CHICAGO (Reuters) - Just as 23andMe has made peace with the U.S. Food and Drug Administration, another direct-to-consumer genetics company is testing the regulatory waters with the launch of a $249 DNA test designed to predict drug response. The test, from tiny startup DNA4Life based in Mandeville, Louisiana, comes in the wake of 23andMe's two-year tussle with the FDA over its direct-to-consumer personal DNA testing service, which the FDA ordered off the market in 2013. Last month, 23andMe relaunched its service with a limited number of genetic tests for carrier screening - tests that show whether an individual carries genes associated with 36 different disorders that could be passed on to a child. But the agency has yet to approve direct-to-consumer tests for pharmacogenetics, a field experts believe could be much riskier in the hands of consumers, who might use the information to make decisions about the drugs they are taking. Richard Zimmer, chief executive of DNA4Life, said he has been watching developments at the FDA closely and said his regulatory advisers believe the test does not need FDA approval. Zimmer said tests such as his are regulated as lab-developed tests under guidelines established by the Clinical Laboratory Improvement Amendments or CLIA, which do not require companies to prove clinical validity or usefulness in aiding patient care. In response to a query by Reuters, FDA spokesman Eric Pahon said the agency "actively regulates genetic tests sold directly to consumers, including pharmacogenetics tests, to make sure they are safe and do what they claim to do." "Without FDA oversight, the safety and efficacy of the tests have not been determined and could potentially lead to patient harm," Pahon said. When told of FDA's stance, Zimmer said, "We would be delighted to have a conversation with the FDA," but added that it is not under the agency's purview. "Of course, the government can do what it likes." Currently, pharmacogenetics tests are ordered directly by a treating physician and are not available to consumers. One, GeneSight, made by Assurex Health, is covered by Medicare and some insurers. GeneSight's sticker price is more than $3,000, but the company says the average patient pays no more than $330. To get DNA4Life's $249 test and report, consumers must agree to share their results with their doctor and answer a few screening questions. A network of DNA4Life doctors uses those answers to determine whether to order the test, which assesses 12 common genes affecting drug metabolism and response. It is a setup similar to one used by Pathway Genomics, which in September launched a DNA cancer screening test for healthy people. They, too, offered online screening tests and physician ordering. Just a few weeks after the launch, FDA sent Pathway a warning letter expressing concern that test could harm public health. For Zimmer, the push is personal, born out of the experiences of his 16-year-old daughter, who suffered with severe depression while her doctor tried to find the right medication and dose to treat her. Zimmer believes consumers should have access to their own data through an affordable test. Dr. Keith Stewart of Mayo Clinic's Center for Individualized Medicine said there are no direct-to-consumer pharmacogenetic tests and "at this point, FDA approval is likely to be required." Stewart said studies showing the tests are clinically valuable are "few and far between," and those that have been done have been sponsored by the testing companies. The problem, said pharmacogenetics expert Dr. Josh Peterson of Vanderbilt University, is that patients, and even doctors, struggle to understand what to do with the results. "I think that is one of the FDA's concerns," he said. "I'm an internist. That would be one of my concerns as well."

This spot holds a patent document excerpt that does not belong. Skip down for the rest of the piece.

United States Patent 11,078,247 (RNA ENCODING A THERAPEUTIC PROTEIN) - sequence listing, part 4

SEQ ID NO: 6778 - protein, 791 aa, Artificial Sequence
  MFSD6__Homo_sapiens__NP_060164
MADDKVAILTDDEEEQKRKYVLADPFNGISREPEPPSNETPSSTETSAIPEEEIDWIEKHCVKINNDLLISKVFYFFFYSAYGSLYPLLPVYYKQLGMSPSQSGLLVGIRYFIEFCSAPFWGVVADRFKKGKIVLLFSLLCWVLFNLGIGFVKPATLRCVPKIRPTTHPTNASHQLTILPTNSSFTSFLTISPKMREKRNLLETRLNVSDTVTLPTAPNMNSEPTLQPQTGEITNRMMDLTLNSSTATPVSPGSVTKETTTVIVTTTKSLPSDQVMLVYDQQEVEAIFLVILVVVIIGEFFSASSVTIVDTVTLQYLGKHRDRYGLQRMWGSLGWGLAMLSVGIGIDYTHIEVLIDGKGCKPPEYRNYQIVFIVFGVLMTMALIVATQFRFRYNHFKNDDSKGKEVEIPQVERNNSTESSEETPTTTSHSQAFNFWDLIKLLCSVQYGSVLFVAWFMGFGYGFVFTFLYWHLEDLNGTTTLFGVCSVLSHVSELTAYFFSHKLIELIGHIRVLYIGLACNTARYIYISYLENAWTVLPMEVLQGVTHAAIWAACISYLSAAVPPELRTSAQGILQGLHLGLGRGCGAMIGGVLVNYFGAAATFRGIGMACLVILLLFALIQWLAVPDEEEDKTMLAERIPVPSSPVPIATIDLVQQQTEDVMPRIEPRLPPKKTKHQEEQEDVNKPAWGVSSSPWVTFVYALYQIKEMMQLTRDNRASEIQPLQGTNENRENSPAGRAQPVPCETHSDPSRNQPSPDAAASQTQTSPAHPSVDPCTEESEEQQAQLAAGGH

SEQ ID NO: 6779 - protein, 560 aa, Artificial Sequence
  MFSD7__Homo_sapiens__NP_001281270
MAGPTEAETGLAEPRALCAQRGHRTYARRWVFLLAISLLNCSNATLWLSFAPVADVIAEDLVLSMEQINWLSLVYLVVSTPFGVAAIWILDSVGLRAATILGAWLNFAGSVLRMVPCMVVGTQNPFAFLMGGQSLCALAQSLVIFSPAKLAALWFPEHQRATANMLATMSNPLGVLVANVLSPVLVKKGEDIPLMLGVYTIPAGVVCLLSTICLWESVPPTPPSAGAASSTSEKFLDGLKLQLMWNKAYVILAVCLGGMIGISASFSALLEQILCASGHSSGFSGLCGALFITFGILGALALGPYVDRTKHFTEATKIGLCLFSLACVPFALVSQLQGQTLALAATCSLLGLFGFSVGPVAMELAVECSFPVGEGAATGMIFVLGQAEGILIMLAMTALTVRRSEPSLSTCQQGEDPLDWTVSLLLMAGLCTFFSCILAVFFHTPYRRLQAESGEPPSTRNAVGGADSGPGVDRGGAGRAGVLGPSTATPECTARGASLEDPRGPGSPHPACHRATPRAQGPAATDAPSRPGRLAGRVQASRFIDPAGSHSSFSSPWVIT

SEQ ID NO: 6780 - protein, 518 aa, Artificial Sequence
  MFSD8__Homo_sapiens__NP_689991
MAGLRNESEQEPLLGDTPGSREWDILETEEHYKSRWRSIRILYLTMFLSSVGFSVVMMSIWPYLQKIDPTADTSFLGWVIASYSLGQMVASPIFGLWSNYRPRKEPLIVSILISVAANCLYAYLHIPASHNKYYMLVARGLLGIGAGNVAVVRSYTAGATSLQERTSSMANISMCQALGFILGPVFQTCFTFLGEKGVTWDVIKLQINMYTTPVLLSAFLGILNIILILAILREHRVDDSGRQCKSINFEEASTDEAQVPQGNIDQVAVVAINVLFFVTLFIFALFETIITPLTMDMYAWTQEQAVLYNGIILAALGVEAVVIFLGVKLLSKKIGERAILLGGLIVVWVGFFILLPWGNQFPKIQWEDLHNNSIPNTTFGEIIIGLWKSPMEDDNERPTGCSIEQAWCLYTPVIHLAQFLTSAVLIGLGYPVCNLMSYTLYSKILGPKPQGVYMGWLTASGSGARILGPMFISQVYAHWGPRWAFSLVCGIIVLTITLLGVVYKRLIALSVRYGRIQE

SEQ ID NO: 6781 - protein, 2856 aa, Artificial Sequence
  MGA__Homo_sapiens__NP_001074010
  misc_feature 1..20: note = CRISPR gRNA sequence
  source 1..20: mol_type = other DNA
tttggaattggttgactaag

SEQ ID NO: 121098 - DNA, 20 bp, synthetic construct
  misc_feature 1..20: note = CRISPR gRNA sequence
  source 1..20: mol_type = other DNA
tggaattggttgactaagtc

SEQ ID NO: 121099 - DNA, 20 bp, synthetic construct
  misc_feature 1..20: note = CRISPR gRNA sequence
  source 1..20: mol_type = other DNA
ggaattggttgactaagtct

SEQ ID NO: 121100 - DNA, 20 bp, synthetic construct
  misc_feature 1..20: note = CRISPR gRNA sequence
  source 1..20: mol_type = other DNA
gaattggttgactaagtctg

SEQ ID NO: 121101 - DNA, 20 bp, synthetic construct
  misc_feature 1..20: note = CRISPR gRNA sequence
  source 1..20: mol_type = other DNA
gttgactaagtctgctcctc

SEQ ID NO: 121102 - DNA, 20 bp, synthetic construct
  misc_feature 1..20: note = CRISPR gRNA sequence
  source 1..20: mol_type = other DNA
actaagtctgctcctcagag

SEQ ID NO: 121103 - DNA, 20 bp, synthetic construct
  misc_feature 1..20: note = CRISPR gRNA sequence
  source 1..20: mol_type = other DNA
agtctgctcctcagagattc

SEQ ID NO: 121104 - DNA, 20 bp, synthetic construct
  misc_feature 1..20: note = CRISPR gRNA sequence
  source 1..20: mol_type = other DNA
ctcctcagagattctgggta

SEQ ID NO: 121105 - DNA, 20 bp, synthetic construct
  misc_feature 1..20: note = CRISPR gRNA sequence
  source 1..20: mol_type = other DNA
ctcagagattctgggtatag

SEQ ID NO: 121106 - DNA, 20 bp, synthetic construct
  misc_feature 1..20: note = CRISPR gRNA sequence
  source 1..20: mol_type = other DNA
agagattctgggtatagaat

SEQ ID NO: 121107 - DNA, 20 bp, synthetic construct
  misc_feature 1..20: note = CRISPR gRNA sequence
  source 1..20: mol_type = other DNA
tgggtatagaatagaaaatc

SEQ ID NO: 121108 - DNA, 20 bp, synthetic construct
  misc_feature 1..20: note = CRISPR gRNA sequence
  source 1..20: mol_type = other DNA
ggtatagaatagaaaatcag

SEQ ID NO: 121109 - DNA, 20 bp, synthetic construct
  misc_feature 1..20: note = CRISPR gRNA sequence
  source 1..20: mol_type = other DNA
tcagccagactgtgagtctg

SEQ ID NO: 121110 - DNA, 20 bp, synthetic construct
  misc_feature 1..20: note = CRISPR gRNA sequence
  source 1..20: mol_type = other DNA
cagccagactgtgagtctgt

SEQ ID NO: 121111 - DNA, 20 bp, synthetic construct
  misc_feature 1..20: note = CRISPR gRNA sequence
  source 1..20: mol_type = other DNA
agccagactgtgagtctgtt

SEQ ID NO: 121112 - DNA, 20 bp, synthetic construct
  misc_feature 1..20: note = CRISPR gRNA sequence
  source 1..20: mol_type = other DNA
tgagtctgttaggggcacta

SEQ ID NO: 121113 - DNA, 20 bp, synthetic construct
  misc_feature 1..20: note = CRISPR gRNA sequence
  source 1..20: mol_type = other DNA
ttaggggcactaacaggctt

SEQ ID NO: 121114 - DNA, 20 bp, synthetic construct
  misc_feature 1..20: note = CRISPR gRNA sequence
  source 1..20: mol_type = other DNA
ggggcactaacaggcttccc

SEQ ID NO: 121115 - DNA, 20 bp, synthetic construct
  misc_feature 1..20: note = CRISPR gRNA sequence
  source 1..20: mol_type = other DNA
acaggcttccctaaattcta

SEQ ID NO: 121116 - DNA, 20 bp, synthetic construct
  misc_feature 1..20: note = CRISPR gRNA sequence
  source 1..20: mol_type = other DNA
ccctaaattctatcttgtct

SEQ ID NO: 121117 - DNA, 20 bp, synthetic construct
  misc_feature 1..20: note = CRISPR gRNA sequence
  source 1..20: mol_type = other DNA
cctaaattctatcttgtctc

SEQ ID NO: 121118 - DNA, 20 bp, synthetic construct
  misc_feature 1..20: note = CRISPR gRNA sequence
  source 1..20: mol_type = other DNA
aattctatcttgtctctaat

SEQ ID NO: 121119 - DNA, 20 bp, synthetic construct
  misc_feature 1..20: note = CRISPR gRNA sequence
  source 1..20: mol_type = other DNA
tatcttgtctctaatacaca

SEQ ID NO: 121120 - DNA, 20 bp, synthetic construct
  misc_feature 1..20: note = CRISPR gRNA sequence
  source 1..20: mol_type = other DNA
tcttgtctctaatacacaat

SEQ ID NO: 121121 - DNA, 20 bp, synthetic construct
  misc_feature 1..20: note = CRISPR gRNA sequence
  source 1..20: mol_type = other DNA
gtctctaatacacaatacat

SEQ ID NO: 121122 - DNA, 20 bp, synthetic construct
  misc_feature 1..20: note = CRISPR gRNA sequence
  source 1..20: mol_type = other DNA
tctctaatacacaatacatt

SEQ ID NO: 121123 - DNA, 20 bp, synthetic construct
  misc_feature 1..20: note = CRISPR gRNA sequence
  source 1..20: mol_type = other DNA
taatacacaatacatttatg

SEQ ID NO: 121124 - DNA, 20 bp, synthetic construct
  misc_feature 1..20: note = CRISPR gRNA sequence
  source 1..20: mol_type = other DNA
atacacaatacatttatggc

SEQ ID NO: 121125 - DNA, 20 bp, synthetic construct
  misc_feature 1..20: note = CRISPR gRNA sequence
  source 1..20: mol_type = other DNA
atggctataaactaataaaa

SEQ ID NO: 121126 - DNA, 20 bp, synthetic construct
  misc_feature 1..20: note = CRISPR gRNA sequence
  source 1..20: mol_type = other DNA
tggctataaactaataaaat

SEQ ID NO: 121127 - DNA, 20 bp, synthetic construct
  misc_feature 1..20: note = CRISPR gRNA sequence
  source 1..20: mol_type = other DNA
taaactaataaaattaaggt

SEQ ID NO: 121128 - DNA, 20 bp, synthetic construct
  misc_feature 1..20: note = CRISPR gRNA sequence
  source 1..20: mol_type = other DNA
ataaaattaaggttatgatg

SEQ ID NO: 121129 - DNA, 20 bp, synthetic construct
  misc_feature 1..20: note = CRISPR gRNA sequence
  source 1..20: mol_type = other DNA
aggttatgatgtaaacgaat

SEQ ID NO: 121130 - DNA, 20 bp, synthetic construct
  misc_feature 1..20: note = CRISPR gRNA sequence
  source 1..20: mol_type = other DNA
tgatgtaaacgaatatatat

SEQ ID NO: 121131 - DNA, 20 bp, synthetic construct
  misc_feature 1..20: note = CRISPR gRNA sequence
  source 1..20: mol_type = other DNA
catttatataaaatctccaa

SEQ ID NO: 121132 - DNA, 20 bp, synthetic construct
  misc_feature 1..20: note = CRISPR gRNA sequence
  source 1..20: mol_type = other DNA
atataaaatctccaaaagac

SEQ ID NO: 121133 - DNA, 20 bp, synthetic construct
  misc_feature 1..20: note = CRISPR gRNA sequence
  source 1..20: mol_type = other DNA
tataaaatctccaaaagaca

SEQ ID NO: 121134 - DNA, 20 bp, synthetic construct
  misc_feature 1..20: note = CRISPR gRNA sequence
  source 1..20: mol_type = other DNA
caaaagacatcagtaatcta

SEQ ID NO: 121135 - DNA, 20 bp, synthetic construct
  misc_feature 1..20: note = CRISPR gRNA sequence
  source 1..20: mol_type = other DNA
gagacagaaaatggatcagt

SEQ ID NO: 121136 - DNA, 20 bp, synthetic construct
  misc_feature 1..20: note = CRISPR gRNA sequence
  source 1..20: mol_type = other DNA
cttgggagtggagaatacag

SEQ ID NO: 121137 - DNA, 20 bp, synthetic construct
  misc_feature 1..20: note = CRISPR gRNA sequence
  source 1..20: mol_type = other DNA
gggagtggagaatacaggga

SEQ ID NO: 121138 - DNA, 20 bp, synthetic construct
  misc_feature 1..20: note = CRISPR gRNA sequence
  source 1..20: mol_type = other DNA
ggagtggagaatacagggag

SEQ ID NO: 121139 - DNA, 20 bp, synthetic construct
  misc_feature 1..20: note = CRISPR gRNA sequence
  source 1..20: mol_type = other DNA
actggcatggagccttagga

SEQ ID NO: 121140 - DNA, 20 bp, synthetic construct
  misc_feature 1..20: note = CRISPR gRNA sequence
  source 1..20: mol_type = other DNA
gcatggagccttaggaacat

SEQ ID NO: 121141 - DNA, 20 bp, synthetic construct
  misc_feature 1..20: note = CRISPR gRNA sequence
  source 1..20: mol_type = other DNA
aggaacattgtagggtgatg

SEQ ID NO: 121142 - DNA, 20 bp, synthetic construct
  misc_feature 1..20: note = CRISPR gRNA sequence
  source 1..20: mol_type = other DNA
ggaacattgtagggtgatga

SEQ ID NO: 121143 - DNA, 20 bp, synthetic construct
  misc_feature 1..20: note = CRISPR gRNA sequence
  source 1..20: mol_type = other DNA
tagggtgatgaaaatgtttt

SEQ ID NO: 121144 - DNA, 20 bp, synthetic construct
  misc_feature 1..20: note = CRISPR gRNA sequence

Kang N.,University of Minnesota | Shah V.H.,Center for Individualized Medicine | Urrutia R.,Center for Individualized Medicine | Urrutia R.,GI Research Unit
Molecular Cancer Research | Year: 2015

Cancer-associated fibroblasts (CAFs), the most abundant cells in the tumor microenvironment (TME), are a key source of the extracellular matrix (ECM) that constitutes the desmoplastic stroma. Through remodeling of the reactive tumor stroma and paracrine actions, CAFs regulate cancer initiation, progression, and metastasis, as well as tumor resistance to therapies. The CAFs found in stroma-rich primary hepatocellular carcinomas (HCC) and liver metastases of primary cancers of other organs predominantly originate from hepatic stellate cells (HSTC), which are pericytes associated with hepatic sinusoids. During tumor invasion, HSTCs transdifferentiate into myofibroblasts in response to paracrine signals emanating from either tumor cells or a heterogeneous cell population within the hepatic tumor microenvironment. Mechanistically, HSTC-tomyofibroblast transdifferentiation, also known as, HSTC activation, requires cell surface receptor activation, intracellular signal transduction, gene transcription, and epigenetic signals, which combined ultimately modulate distinct gene expression profiles that give rise to and maintain a new phenotype. The current review defines a paradigmthat explains how HSTCs are activated into CAFs to promote liver metastasis. Furthermore, a focus on the most relevant intracellular signaling networks and epigenetic mechanisms that control HSTC activation is provided. Finally, we discuss the feasibility of targeting CAF/activated HSTCs, in isolation or in conjunction with targeting cancer cells, which constitutes a promising and viable therapeutic approach for the treatment of primary stroma-rich liver cancers and liver metastasis. © 2014 American Association for Cancer Research.